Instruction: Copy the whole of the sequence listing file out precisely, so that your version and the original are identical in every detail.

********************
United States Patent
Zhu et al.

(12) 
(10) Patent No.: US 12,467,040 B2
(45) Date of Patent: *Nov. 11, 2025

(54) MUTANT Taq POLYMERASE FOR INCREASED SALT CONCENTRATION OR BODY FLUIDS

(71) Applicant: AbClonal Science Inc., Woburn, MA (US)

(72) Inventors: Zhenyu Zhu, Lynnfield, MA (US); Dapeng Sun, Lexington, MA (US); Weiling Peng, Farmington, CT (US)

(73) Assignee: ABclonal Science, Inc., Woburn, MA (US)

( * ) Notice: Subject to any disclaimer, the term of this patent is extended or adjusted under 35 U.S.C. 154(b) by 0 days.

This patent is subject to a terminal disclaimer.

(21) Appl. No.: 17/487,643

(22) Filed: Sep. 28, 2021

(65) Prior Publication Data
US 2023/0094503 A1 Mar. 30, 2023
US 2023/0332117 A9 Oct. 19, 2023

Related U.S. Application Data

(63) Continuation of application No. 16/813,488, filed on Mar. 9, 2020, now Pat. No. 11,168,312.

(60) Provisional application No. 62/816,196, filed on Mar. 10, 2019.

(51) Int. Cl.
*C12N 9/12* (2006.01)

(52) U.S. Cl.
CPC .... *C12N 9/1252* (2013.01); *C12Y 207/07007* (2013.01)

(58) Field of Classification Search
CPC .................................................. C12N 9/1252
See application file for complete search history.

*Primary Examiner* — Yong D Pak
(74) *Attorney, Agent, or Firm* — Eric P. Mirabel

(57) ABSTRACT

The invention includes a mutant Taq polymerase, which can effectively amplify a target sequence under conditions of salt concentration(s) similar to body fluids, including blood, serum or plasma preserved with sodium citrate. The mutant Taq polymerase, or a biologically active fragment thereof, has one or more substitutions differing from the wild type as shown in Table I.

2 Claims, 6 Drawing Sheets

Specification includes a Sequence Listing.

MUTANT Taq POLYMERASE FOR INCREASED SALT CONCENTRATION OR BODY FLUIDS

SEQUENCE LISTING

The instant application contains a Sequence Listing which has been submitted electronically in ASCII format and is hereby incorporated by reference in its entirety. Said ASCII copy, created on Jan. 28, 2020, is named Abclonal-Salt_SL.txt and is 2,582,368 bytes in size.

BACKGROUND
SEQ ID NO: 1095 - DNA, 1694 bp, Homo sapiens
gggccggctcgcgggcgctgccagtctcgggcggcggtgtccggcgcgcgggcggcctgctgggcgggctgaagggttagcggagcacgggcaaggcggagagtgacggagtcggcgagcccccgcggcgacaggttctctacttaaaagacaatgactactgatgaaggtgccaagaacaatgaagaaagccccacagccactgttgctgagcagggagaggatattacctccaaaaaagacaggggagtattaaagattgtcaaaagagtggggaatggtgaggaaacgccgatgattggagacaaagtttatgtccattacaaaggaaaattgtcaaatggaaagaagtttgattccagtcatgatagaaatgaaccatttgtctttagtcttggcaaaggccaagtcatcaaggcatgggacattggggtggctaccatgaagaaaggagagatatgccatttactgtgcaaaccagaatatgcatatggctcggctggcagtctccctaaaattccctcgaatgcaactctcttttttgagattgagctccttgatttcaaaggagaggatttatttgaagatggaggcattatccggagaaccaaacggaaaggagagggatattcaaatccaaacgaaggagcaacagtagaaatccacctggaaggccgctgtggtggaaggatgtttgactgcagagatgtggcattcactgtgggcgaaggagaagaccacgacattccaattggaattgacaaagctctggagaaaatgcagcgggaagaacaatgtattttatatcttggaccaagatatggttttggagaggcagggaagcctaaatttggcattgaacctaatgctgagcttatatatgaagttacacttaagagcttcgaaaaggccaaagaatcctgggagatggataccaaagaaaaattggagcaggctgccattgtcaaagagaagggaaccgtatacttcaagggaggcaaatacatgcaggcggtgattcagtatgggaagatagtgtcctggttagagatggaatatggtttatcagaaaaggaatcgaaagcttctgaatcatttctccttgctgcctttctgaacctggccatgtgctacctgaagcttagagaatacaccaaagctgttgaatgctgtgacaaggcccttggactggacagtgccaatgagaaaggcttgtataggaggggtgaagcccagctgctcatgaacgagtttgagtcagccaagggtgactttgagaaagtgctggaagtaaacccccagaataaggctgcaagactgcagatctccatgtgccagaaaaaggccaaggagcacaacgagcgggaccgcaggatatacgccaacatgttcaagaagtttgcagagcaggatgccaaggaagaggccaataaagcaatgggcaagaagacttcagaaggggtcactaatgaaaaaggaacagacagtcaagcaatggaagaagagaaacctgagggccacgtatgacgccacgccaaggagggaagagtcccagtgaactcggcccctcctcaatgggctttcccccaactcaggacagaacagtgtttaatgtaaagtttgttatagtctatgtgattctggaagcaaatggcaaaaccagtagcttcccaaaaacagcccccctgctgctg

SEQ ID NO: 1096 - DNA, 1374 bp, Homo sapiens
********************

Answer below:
United States Patent
Zhu et al.

(12) 
(10) Patent No.: US 12,467,040 B2
(45) Date of Patent: *Nov. 11, 2025

(54) MUTANT Taq POLYMERASE FOR INCREASED SALT CONCENTRATION OR BODY FLUIDS

(71) Applicant: AbClonal Science Inc., Woburn, MA (US)

(72) Inventors: Zhenyu Zhu, Lynnfield, MA (US); Dapeng Sun, Lexington, MA (US); Weiling Peng, Farmington, CT (US)

(73) Assignee: ABclonal Science, Inc., Woburn, MA (US)

( * ) Notice: Subject to any disclaimer, the term of this patent is extended or adjusted under 35 U.S.C. 154(b) by 0 days.

This patent is subject to a terminal disclaimer.

(21) Appl. No.: 17/487,643

(22) Filed: Sep. 28, 2021

(65) Prior Publication Data
US 2023/0094503 A1 Mar. 30, 2023
US 2023/0332117 A9 Oct. 19, 2023

Related U.S. Application Data

(63) Continuation of application No. 16/813,488, filed on Mar. 9, 2020, now Pat. No. 11,168,312.

(60) Provisional application No. 62/816,196, filed on Mar. 10, 2019.

(51) Int. Cl.
*C12N 9/12* (2006.01)

(52) U.S. Cl.
CPC .... *C12N 9/1252* (2013.01); *C12Y 207/07007* (2013.01)

(58) Field of Classification Search
CPC .................................................. C12N 9/1252
See application file for complete search history.

*Primary Examiner* — Yong D Pak
(74) *Attorney, Agent, or Firm* — Eric P. Mirabel

(57) ABSTRACT

The invention includes a mutant Taq polymerase, which can effectively amplify a target sequence under conditions of salt concentration(s) similar to body fluids, including blood, serum or plasma preserved with sodium citrate. The mutant Taq polymerase, or a biologically active fragment thereof, has one or more substitutions differing from the wild type as shown in Table I.

2 Claims, 6 Drawing Sheets

Specification includes a Sequence Listing.

MUTANT Taq POLYMERASE FOR INCREASED SALT CONCENTRATION OR BODY FLUIDS

SEQUENCE LISTING

The instant application contains a Sequence Listing which has been submitted electronically in ASCII format and is hereby incorporated by reference in its entirety. Said ASCII copy, created on Jan. 28, 2020, is named Abclonal-Salt_SL.txt and is 2,582,368 bytes in size.

BACKGROUND
SEQ ID NO: 1095 - DNA, 1694 bp, Homo sapiens
gggccggctcgcgggcgctgccagtctcgggcggcggtgtccggcgcgcgggcggcctgctgggcgggctgaagggttagcggagcacgggcaaggcggagagtgacggagtcggcgagcccccgcggcgacaggttctctacttaaaagacaatgactactgatgaaggtgccaagaacaatgaagaaagccccacagccactgttgctgagcagggagaggatattacctccaaaaaagacaggggagtattaaagattgtcaaaagagtggggaatggtgaggaaacgccgatgattggagacaaagtttatgtccattacaaaggaaaattgtcaaatggaaagaagtttgattccagtcatgatagaaatgaaccatttgtctttagtcttggcaaaggccaagtcatcaaggcatgggacattggggtggctaccatgaagaaaggagagatatgccatttactgtgcaaaccagaatatgcatatggctcggctggcagtctccctaaaattccctcgaatgcaactctcttttttgagattgagctccttgatttcaaaggagaggatttatttgaagatggaggcattatccggagaaccaaacggaaaggagagggatattcaaatccaaacgaaggagcaacagtagaaatccacctggaaggccgctgtggtggaaggatgtttgactgcagagatgtggcattcactgtgggcgaaggagaagaccacgacattccaattggaattgacaaagctctggagaaaatgcagcgggaagaacaatgtattttatatcttggaccaagatatggttttggagaggcagggaagcctaaatttggcattgaacctaatgctgagcttatatatgaagttacacttaagagcttcgaaaaggccaaagaatcctgggagatggataccaaagaaaaattggagcaggctgccattgtcaaagagaagggaaccgtatacttcaagggaggcaaatacatgcaggcggtgattcagtatgggaagatagtgtcctggttagagatggaatatggtttatcagaaaaggaatcgaaagcttctgaatcatttctccttgctgcctttctgaacctggccatgtgctacctgaagcttagagaatacaccaaagctgttgaatgctgtgacaaggcccttggactggacagtgccaatgagaaaggcttgtataggaggggtgaagcccagctgctcatgaacgagtttgagtcagccaagggtgactttgagaaagtgctggaagtaaacccccagaataaggctgcaagactgcagatctccatgtgccagaaaaaggccaaggagcacaacgagcgggaccgcaggatatacgccaacatgttcaagaagtttgcagagcaggatgccaaggaagaggccaataaagcaatgggcaagaagacttcagaaggggtcactaatgaaaaaggaacagacagtcaagcaatggaagaagagaaacctgagggccacgtatgacgccacgccaaggagggaagagtcccagtgaactcggcccctcctcaatgggctttcccccaactcaggacagaacagtgtttaatgtaaagtttgttatagtctatgtgattctggaagcaaatggcaaaaccagtagcttcccaaaaacagcccccctgctgctg

SEQ ID NO: 1096 - DNA, 1374 bp, Homo sapiens